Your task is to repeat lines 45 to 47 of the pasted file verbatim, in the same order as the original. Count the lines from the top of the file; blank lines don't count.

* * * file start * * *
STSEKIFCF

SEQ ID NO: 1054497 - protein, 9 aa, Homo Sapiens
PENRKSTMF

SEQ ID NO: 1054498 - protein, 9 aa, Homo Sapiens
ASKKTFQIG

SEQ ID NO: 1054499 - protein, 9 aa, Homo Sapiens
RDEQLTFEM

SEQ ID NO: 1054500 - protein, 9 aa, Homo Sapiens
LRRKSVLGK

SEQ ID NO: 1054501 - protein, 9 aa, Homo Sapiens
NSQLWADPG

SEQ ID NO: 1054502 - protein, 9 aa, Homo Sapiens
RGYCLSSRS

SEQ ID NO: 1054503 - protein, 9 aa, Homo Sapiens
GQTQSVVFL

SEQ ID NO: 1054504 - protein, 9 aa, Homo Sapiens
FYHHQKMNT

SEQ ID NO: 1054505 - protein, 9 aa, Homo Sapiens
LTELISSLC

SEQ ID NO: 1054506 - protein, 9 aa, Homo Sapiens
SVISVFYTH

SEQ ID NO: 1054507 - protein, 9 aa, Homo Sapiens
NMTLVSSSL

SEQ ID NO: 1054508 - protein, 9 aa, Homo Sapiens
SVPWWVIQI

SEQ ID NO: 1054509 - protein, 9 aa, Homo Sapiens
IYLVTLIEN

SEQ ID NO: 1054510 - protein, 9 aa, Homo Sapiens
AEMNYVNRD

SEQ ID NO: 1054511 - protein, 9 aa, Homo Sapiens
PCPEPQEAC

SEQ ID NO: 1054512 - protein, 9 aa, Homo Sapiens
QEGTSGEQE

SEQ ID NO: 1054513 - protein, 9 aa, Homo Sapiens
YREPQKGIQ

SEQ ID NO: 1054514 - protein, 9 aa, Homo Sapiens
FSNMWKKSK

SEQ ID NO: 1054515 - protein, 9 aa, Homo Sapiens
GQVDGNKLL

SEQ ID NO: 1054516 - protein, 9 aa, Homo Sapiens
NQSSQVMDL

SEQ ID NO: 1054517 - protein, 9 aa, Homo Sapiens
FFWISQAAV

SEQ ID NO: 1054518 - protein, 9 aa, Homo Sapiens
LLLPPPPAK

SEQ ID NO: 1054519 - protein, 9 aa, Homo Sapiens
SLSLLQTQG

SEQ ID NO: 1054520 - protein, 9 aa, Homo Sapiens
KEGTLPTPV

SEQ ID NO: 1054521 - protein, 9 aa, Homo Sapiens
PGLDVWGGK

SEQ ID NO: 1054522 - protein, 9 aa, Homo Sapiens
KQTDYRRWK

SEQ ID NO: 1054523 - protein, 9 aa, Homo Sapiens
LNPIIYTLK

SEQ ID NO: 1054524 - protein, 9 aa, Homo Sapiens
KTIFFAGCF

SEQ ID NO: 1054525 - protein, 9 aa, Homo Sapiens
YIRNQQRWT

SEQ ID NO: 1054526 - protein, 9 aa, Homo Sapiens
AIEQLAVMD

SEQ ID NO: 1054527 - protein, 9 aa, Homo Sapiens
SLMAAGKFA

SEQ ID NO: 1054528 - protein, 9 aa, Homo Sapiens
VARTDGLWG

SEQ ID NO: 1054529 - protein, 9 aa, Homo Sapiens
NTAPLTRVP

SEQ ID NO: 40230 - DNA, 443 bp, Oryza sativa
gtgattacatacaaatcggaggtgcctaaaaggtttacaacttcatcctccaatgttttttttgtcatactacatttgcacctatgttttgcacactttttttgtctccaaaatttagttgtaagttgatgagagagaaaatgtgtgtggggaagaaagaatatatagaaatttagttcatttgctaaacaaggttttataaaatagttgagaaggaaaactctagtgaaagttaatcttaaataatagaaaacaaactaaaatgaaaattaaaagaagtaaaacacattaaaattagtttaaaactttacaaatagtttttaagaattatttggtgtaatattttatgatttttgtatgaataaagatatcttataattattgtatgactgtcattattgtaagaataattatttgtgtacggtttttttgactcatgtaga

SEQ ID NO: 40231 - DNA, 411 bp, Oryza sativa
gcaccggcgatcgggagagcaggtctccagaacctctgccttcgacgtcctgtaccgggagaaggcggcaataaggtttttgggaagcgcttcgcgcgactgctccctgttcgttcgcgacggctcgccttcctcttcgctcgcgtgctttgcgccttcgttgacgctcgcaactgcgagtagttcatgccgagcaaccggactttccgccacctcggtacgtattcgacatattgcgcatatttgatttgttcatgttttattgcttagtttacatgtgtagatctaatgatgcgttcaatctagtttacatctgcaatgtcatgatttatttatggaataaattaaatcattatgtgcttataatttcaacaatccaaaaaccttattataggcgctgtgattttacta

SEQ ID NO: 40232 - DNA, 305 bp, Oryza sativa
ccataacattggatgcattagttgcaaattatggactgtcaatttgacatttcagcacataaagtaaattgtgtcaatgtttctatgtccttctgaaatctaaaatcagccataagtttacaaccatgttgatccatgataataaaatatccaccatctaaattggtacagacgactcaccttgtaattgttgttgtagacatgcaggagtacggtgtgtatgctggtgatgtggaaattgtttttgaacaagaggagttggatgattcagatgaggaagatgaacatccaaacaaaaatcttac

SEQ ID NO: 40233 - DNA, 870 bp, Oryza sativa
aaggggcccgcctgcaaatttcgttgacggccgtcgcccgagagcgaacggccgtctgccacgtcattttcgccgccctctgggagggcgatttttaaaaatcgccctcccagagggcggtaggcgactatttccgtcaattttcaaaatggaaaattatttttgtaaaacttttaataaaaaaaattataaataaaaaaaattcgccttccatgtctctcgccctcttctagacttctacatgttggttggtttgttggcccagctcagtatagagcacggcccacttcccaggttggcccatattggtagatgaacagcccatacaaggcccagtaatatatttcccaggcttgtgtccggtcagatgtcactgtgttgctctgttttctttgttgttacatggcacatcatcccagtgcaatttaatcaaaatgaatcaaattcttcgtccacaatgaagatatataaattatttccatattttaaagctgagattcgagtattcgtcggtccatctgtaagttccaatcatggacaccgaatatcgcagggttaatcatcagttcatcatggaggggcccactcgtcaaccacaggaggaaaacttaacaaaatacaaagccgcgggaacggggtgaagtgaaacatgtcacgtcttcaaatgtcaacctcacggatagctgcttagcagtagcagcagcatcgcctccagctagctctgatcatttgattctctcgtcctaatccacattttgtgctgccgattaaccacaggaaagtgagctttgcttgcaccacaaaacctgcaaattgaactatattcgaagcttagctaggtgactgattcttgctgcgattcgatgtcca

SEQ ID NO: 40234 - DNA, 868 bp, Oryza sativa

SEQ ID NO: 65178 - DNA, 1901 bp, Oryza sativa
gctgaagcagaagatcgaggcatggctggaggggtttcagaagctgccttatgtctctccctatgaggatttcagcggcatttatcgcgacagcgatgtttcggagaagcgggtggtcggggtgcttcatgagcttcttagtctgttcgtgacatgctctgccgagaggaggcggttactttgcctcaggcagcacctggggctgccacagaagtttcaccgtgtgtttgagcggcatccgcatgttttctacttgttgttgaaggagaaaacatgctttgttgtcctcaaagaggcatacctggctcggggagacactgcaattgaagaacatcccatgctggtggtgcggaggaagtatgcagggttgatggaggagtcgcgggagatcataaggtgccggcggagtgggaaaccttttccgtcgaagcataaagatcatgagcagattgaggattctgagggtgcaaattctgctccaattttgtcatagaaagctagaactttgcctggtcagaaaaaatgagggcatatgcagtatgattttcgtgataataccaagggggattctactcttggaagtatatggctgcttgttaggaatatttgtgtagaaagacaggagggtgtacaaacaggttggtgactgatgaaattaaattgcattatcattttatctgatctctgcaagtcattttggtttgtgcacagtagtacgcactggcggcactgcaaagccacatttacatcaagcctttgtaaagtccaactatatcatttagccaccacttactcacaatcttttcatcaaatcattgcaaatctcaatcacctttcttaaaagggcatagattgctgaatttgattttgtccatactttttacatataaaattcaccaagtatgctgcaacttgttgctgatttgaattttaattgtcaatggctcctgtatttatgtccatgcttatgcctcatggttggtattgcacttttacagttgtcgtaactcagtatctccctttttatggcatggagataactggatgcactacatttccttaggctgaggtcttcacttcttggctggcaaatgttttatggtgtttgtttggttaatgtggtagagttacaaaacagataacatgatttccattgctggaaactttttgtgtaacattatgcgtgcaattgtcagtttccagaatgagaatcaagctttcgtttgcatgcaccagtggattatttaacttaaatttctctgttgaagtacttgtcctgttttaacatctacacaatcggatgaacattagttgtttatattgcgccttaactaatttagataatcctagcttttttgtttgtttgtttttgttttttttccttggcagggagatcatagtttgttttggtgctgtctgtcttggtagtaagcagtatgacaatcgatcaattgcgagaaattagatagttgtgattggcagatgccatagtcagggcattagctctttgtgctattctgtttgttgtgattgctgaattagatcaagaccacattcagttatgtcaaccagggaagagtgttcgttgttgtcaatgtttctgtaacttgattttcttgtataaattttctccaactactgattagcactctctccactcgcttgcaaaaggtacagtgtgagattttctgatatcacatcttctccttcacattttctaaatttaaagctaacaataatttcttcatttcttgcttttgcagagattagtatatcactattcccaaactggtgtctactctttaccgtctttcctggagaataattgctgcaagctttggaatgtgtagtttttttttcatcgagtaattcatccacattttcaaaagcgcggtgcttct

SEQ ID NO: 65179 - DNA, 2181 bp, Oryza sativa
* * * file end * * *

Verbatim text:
LLLPPPPAK

SEQ ID NO: 1054519 - protein, 9 aa, Homo Sapiens
SLSLLQTQG